Prosecutors have dropped the felony charges against "Empire" actor Jussie Smollett after the actor was accused of faking a racist and homophobic hate crime.
Smollett claimed in January that he was the victim of a violent hate crime in which a pair of masked men attacked him on the streets of Chicago, called him racist and homophobic epithets, placed a noose around his neck, and shouted "This is MAGA country." But as police investigated his claims, they uncovered evidence that Smollett hired two men to fake the crime.
Smollett was originally charged with disorderly conduct, but had an additional sixteen charges brought against him for filing a false police report. In a press conference, Chicago Police Superintendent Eddie Johnson explained that people like Smollett "do harm to every legitimate victim who is in need of support by police and investigators, as well as the citizens of this city."
"Chicago hosts one of the largest pride parades in the world, and we're proud of that as a police department and also as a city. We do not nor do we ever tolerate hate in our city, whether that hate is based on an individual's sexual orientation, race, or anything else. So I'm offended by what has happened and I'm also angry," he said.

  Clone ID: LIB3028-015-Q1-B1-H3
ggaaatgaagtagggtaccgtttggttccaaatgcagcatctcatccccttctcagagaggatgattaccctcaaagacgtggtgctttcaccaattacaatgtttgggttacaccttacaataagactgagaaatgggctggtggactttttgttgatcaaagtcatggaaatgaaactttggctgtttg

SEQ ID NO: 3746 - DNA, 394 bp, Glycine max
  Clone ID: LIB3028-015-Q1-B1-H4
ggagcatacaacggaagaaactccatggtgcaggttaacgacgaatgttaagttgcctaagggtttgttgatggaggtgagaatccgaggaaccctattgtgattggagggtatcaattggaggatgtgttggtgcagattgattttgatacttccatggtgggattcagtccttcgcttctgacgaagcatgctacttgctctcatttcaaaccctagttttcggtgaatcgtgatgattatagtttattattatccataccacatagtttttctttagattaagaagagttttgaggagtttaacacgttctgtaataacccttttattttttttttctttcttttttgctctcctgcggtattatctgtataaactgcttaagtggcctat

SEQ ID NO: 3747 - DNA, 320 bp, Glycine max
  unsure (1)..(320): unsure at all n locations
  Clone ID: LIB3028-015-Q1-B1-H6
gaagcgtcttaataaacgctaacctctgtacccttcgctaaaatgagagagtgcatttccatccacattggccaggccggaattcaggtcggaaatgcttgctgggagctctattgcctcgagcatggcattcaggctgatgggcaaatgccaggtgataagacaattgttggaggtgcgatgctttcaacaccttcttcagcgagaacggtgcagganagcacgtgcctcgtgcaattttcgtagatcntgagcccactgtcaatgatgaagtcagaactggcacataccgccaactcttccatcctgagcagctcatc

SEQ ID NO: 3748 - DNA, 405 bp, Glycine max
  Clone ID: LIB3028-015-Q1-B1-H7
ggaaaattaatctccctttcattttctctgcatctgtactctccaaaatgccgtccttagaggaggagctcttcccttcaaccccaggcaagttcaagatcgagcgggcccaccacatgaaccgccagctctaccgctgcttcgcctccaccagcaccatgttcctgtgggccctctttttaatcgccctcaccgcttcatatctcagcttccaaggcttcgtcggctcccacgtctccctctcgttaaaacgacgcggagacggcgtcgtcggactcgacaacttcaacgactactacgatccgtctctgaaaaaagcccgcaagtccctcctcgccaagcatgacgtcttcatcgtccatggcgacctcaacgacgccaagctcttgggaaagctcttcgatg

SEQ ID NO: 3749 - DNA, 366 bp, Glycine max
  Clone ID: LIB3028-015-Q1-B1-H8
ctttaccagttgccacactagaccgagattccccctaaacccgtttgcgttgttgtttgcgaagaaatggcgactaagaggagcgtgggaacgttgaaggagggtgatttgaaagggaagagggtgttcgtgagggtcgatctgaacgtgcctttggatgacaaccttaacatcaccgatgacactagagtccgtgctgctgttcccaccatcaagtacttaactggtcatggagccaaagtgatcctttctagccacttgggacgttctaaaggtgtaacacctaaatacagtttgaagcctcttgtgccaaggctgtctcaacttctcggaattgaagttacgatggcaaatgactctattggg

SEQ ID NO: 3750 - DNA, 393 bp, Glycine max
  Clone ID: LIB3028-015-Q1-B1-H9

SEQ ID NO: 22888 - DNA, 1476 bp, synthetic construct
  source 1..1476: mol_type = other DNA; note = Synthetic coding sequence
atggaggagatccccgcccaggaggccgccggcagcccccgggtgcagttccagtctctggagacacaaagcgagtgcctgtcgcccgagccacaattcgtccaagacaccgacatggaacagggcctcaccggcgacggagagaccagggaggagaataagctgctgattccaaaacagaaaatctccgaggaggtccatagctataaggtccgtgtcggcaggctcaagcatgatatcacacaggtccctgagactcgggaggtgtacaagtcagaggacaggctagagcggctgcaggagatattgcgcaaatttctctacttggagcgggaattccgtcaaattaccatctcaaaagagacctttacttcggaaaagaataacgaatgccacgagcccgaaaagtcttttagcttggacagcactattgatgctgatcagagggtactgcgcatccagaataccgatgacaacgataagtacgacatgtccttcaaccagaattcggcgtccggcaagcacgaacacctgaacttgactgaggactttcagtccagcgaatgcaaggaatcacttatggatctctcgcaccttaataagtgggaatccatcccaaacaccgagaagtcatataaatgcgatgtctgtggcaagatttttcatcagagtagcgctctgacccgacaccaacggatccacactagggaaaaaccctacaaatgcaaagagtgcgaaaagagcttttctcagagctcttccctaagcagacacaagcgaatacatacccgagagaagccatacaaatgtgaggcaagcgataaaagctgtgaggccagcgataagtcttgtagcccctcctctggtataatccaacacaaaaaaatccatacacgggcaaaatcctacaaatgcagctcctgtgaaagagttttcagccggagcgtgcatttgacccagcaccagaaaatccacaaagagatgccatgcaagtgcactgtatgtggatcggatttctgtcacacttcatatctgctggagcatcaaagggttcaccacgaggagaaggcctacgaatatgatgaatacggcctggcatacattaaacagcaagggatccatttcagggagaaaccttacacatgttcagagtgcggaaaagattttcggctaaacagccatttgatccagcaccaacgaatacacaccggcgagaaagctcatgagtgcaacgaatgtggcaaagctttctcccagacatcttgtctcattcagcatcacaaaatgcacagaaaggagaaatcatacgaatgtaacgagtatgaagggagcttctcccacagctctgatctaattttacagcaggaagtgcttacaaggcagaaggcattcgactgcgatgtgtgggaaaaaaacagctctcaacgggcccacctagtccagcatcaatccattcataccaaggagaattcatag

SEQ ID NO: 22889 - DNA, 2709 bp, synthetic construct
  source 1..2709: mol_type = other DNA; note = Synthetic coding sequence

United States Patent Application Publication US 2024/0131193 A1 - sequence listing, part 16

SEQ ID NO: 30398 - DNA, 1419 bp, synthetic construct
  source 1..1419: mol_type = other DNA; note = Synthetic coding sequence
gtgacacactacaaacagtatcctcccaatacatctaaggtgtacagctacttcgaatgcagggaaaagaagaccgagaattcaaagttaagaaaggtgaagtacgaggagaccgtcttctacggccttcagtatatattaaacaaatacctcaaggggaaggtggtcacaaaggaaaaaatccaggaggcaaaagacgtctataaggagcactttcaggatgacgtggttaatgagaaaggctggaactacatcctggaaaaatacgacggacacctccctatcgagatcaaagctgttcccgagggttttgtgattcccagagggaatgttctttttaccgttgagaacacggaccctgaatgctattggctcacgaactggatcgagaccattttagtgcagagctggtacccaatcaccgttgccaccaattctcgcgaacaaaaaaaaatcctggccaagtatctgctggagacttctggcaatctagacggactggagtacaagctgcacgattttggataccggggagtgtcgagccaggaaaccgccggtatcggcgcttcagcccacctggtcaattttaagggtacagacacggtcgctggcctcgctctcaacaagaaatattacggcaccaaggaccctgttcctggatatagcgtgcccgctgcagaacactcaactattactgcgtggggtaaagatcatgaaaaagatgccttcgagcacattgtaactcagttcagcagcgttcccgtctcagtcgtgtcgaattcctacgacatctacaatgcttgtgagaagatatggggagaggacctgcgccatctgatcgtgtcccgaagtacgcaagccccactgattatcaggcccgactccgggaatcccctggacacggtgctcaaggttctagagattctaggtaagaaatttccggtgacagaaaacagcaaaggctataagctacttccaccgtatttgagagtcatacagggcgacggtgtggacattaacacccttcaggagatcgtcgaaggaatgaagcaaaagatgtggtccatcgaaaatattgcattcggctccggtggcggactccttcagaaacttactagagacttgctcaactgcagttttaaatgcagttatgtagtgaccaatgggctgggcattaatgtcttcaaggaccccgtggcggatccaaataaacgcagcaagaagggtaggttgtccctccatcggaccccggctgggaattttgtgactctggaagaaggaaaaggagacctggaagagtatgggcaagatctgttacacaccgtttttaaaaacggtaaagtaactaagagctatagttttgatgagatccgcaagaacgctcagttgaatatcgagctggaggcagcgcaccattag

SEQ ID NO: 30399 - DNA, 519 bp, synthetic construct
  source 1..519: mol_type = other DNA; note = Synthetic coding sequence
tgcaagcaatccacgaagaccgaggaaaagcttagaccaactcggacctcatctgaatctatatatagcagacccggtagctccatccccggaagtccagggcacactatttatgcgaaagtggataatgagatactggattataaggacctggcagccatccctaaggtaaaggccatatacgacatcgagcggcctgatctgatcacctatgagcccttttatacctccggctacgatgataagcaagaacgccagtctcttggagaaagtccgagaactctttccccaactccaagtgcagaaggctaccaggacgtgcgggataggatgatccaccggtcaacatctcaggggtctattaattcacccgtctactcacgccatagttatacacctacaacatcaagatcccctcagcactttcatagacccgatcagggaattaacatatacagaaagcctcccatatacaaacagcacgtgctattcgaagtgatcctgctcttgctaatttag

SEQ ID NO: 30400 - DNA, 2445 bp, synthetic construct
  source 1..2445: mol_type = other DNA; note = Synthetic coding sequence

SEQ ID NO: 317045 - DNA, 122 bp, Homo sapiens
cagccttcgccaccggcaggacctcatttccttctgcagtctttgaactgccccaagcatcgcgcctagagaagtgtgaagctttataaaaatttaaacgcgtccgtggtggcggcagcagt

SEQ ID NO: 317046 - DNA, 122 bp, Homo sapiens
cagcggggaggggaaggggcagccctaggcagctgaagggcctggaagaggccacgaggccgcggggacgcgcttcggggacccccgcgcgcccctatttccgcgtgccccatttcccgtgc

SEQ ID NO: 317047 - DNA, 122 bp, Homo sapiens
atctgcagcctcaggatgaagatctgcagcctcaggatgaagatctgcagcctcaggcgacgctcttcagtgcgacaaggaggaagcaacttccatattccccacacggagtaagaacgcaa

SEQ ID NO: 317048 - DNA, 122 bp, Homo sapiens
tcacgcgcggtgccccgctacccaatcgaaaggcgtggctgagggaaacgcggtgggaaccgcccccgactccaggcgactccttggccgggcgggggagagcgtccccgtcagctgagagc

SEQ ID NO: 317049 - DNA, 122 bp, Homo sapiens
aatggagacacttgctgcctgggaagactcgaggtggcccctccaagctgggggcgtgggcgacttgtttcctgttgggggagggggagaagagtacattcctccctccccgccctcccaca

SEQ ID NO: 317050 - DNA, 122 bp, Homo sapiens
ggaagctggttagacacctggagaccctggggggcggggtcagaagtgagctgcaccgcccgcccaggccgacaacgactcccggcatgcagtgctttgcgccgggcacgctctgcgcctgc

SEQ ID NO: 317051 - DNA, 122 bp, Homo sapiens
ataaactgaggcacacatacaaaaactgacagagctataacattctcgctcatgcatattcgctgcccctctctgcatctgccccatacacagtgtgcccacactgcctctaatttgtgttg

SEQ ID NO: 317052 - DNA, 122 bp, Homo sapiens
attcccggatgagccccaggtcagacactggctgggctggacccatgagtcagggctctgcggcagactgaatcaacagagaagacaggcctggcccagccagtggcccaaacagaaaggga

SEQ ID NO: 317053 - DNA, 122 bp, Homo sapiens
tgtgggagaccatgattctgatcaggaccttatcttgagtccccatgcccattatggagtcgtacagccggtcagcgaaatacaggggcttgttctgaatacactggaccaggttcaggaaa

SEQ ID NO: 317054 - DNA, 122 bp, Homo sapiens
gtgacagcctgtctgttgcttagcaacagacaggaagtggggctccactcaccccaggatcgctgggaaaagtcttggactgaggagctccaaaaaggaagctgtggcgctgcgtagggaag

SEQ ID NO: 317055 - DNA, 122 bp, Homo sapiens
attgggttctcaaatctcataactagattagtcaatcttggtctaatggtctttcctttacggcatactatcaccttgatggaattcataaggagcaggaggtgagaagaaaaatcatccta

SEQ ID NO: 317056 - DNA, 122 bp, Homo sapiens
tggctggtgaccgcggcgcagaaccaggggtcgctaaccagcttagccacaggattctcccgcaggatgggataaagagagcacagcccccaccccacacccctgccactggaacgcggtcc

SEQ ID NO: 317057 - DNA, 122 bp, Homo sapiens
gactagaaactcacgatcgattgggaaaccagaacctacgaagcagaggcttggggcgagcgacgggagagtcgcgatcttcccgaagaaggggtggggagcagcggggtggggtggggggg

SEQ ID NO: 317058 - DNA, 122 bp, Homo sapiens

But on Tuesday, Smollett appeared in an emergency court appearance in which prosecutors dropped the charges and asked that his records be sealed. In return, Smollett forfeited the $10,000 bail he had already given the city.
Smollett's attorneys sold the arrangement as evidence that the actor was telling the truth and was "a victim who was vilified and made to appear as a perpetrator." The state's attorney's office simply stated, "After reviewing all of the facts and circumstances of the case, including Mr. Smollett's volunteer service in the community and agreement to forfeit his bond to the City of Chicago, we believe this outcome is a just disposition and appropriate resolution to this case."
Local Chicago journalists report that the Chicago police were "furious" with the decision, and that Superintendent Johnson "had no heads up this was going to happen." Immediately after the announcement, the Chicago police union called for an investigation into State Attorney Kim Foxx's handling of the case.